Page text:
Between the Mantles, Jordans, Ruths, Aarons and other kingpins who dominate our Top 10 online auction chart, there’s rarely enough room for Oscar Robertson. Yet “the Big O” is worth the attention of speculative collectors — and a sale in May proves he’s may be getting it.
A top-condition Robertson rookie card, from Fleer’s 1961-62 set, shows why. An eBay seller listed a PSA 9 specimen of the card and watched it soar to $81,261 on 38 bids.
Robertson, who played in the NBA from 1960-1974, was the king of triple-doubles. In his second season, 1961-62, he actually averaged a triple-double, and he did it in style, dishing out 11.4 assists while hauling in 12.5 rebounds and scoring 30.8 points per game.
A season earlier, as a rookie, Robertson narrowly missed averaging a triple-double, falling short only because of his 9.7 assists per game. He also missed by a hair in both 1963-64 and 1964-65. In the former season, he finished with 9.5 assists per game. In 1964-65, his 9.9 rebounds per game kept him from averaging a triple double. (On the other hand, if we round up his stats, Robertson averaged triple-doubles in each of his first four seasons!)
By the time he retired in 1974, Robertson’s stats showed why he was an easy hall of fame choice: 25.7 points per game; 9.5 assists; and 7.5 rebounds.
If you’re moved to add a Robertson rookie to your collection, don’t be discouraged by the $81,261 price noted above. While grade-9 examples will push six figures, you can lower your sights to a grade 7 and stay under $15,000. Drop to 6 or 5 and you’ll stay well under $10,000, as these auction prices attest:
● $7,100 on 41 bids for a PSA 6
● $6,161 on two bids for a PSA 5.5
● $5,100 on 21 bids for a PSA 6.
Oscar Robertson isn’t the only vintage hoop legend drawing auction attention. Consider these recent sales featuring the best big men of the NBA’s earlier eras.
• A 1957-58 Topps Bill Russell rookie graded PSA 8 sold for an astounding $200,611 on 62 bids in April. This classic hoop issue is known to be a short-print card, adding to its appeal.
Two weeks earlier, a slightly lower graded example — a PSA 7 — sold for $77,877 on 129 bids. That was in line with another PSA 7 that sold in February for $75,500 on 95 bids.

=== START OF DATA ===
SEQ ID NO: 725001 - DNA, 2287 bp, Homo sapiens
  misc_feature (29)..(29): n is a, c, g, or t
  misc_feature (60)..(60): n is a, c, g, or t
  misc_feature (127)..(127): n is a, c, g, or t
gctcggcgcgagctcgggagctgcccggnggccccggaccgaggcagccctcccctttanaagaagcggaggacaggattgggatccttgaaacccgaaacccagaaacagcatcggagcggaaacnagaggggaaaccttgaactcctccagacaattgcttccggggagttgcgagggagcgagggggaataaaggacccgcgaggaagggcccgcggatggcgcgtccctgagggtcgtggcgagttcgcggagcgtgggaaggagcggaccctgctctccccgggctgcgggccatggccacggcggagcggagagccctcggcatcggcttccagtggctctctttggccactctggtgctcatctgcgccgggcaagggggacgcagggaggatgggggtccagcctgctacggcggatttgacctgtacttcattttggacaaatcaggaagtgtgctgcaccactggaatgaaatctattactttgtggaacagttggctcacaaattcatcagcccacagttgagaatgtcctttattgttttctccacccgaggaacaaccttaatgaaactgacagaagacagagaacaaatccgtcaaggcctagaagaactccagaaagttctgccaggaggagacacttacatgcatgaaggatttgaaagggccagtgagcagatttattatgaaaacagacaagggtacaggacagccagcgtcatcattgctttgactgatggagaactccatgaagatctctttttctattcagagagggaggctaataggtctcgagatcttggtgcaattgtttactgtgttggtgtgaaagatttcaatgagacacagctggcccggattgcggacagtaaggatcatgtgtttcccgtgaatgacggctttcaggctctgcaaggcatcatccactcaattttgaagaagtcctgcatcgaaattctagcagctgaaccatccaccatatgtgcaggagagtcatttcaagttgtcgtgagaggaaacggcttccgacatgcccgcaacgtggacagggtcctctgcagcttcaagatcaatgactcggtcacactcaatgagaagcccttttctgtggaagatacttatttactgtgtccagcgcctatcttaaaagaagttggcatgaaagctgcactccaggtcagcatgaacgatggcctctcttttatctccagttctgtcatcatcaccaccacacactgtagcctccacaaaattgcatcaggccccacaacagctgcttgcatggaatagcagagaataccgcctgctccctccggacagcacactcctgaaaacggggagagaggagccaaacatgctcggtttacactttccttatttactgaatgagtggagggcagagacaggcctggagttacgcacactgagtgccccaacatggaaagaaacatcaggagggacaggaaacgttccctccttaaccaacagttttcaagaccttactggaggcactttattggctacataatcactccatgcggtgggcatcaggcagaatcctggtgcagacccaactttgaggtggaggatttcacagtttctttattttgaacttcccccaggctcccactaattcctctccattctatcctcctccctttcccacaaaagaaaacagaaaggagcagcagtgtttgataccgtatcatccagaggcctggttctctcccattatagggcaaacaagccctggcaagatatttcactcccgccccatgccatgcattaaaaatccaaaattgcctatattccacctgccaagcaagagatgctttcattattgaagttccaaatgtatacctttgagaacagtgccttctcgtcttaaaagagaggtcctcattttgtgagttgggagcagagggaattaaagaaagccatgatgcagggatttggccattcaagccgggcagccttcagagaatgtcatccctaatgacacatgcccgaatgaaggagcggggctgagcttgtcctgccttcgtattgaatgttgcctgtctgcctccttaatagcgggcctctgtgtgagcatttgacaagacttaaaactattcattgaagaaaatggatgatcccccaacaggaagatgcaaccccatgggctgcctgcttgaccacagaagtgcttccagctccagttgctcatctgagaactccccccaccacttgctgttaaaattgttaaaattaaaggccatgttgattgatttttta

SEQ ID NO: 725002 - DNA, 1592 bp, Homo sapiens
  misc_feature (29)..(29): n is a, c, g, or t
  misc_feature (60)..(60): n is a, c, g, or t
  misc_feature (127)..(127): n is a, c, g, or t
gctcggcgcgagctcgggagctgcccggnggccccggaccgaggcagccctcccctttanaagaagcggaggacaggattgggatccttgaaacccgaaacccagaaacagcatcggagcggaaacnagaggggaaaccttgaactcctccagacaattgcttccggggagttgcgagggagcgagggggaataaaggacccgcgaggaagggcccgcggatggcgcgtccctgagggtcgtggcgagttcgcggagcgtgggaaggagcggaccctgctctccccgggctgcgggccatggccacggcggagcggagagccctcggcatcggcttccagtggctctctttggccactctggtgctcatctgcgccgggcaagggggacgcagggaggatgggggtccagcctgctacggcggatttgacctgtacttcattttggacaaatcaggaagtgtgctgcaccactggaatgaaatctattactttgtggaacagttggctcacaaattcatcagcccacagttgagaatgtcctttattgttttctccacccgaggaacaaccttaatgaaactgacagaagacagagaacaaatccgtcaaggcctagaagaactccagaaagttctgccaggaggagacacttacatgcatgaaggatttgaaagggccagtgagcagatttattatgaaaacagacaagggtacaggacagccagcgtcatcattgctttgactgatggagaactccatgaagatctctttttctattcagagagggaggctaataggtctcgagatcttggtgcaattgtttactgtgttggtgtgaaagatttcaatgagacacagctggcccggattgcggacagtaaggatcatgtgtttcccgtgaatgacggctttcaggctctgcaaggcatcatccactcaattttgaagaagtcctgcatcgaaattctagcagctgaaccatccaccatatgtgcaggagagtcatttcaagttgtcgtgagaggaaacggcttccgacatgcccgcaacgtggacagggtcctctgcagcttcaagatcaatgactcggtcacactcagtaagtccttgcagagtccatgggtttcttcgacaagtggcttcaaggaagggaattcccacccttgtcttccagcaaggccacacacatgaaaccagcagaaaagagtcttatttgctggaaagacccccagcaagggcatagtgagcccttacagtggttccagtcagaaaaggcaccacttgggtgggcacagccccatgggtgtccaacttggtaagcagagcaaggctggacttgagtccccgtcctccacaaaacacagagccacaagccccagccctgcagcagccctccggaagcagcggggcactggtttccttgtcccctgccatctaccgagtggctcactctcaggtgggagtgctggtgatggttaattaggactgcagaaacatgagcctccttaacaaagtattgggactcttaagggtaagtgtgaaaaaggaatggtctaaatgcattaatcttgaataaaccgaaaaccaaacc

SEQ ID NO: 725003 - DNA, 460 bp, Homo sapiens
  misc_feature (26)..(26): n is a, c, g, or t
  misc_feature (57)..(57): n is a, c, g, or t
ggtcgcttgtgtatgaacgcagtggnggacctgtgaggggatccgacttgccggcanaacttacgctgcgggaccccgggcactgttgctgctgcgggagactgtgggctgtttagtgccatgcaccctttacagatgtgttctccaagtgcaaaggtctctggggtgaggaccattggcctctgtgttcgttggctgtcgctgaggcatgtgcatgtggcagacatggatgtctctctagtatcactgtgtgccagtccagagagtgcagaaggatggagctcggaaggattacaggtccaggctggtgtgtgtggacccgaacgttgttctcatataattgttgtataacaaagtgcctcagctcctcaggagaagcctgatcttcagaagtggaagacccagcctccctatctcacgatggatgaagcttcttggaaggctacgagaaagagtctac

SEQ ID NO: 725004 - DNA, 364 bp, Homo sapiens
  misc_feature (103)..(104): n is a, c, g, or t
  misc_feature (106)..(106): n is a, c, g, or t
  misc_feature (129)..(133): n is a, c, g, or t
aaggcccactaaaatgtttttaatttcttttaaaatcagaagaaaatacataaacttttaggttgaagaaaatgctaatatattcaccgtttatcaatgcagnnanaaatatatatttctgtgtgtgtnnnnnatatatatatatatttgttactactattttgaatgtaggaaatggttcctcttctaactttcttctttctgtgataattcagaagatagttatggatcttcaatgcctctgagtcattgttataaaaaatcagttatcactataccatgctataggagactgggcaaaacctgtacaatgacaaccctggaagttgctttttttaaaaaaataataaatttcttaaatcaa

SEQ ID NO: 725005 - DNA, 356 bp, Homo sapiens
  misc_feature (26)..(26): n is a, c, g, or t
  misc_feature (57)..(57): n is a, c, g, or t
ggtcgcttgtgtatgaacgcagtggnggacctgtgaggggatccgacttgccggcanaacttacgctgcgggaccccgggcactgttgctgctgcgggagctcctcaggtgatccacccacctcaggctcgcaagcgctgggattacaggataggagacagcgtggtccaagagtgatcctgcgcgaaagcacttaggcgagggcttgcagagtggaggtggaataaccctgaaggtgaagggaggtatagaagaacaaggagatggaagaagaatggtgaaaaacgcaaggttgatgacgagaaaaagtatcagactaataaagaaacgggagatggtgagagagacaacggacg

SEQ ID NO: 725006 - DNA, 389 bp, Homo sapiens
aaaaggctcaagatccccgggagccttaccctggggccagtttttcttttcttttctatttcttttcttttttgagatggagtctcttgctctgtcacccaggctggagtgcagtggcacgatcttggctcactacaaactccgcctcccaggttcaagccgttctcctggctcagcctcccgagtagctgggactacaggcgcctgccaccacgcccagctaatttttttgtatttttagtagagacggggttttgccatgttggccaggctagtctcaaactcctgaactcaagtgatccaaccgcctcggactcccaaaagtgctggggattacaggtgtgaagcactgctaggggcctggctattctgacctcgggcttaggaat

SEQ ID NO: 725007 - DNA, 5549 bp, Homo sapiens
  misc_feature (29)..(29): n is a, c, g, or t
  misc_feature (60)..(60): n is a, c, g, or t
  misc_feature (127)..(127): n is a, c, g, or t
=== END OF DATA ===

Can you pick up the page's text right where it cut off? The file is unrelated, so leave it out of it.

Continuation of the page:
Russell entered the NBA in 1956 and played 13 seasons, all for the Celtics, before retiring at age 34. In his career, he averaged 22.5 rebounds per game to go with 15.1 points and 4.3 assists. He was the centerpiece of a Boston dynasty that accounted for a remarkable 11 NBA titles (including eight in a row) during a 12-year span.
• A 1969-70 Topps Lew Alcindor rookie graded PSA 8 sold for $80,100 on 67 bids in April. Around the same time, two other PSA 8 specimens of the card sold for $76,900 on 81 bids and $75,101 on 140 bids.
Alcindor, who began to use the name Kareem Abdul-Jabbar in 1971 after converting from Catholicism to Sunni Islam, starred at UCLA before joining the Milwaukee Bucks in 1969. He went on to play 20 seasons, 14 with the Lakers, and averaged 24.6 points, 11.2 rebounds and 3.6 assists per game. His sky hook was a thing of beauty, a signature move that was virtually impossible to defend. Kareem’s teams won six NBA titles in his career.
• A 1961-62 Fleer Wilt Chamberlain rookie graded PSA 8 sold for $144,544 in late March. A month later, an example in a slightly higher grade, PSA 8.5, brought $92,061 on 61 bids. Comparatively, a PSA 9 Chamberlain rookie that sold on eBay in September 2020 now seems like a bargain: $85,100 on 68 bids.
Wilt the Stilt had the gaudiest stats of them all: 30.1 points, 22.9 rebounds and 4.4 assists per game. Yet he won only two titles in his 14 seasons, with Russell’s Celtics often serving as his foil.
Big Ks From Bieber
If you’ve been paying attention to stats, you know Shane Bieber is a hot commodity in fantasy baseball leagues. Collectors haven’t pushed him to “hot” status yet, but that’s coming. Through late May, the Cleveland Indians’ ace hurler struck out 98 batters in only 65 innings, which is similar to his 2020 performance, when he struck out 122 in 77 innings. In his first full season, 2019, he struck out 259 in 214 innings.
Bieber isn’t just a big K man, either. He’s also got a winning percentage close to 70 percent, having posted a 38-17 record as of this writing. The 25-year-old is on a trajectory that promises Hall of Fame-caliber greatness.
Yet Bieber is still a good buy in an otherwise spiking hobby. Recent high-water prices in online auctions include a 2018 Bowman Chrome autographed Orange Wave Refractor that sold for $1,025 on 38 bids. It’s one of only 25 issued and had been graded PSA 9.
You’ll find signed Bieber Chrome cards selling in Buy It Now transactions for higher prices, often showing at $1,500 to $4,000. But if you stick with auctions, you’ll generally stay under $1,000 — for now.
Examples of auction prices paid for top Bieber cards in April and May include:
● $720 on 52 bids for a 2018 Chrome Gold Refractor marked #41 of 50 and graded PSA 9. An ungraded example of the same card (marked #2 of 50) sold for $402 on 16 bids.
● $511 on 37 bids for a 2018 Bowman Chrome signed Blue Mojo Refractor marked #78 of 150 and graded PSA 10.
● $427 on 95 bids for a 2016 ungraded (and unsigned) Chrome Draft Gold Refractor marked #35/50.
Montana Getting No Love
With Mint-condition Jerry Rice rookie cards flirting with — and exceeding — the $100,000 mark, you’d think Joe Montana rookies would be right up there with ’em. But no. A Montana 1981 Topps rookie graded PSA 10 showed up on eBay in April and sparked 85 bids … and then settled at “only” $46,000.
That’s a lot of dough, yes. But compared to current prices paid for Rice and Tom Brady rookies, Montana’s first card is a flat-out steal.
In fact, if you drop to a grade-9 example, you’re looking at sub-$10,000 prices. In recent months, we’ve seen Montana rookies graded PSA 9 sell for $6,300 on 34 bids, $6,206 on 46 bids and, in early May, just $3,550 on 41 bids.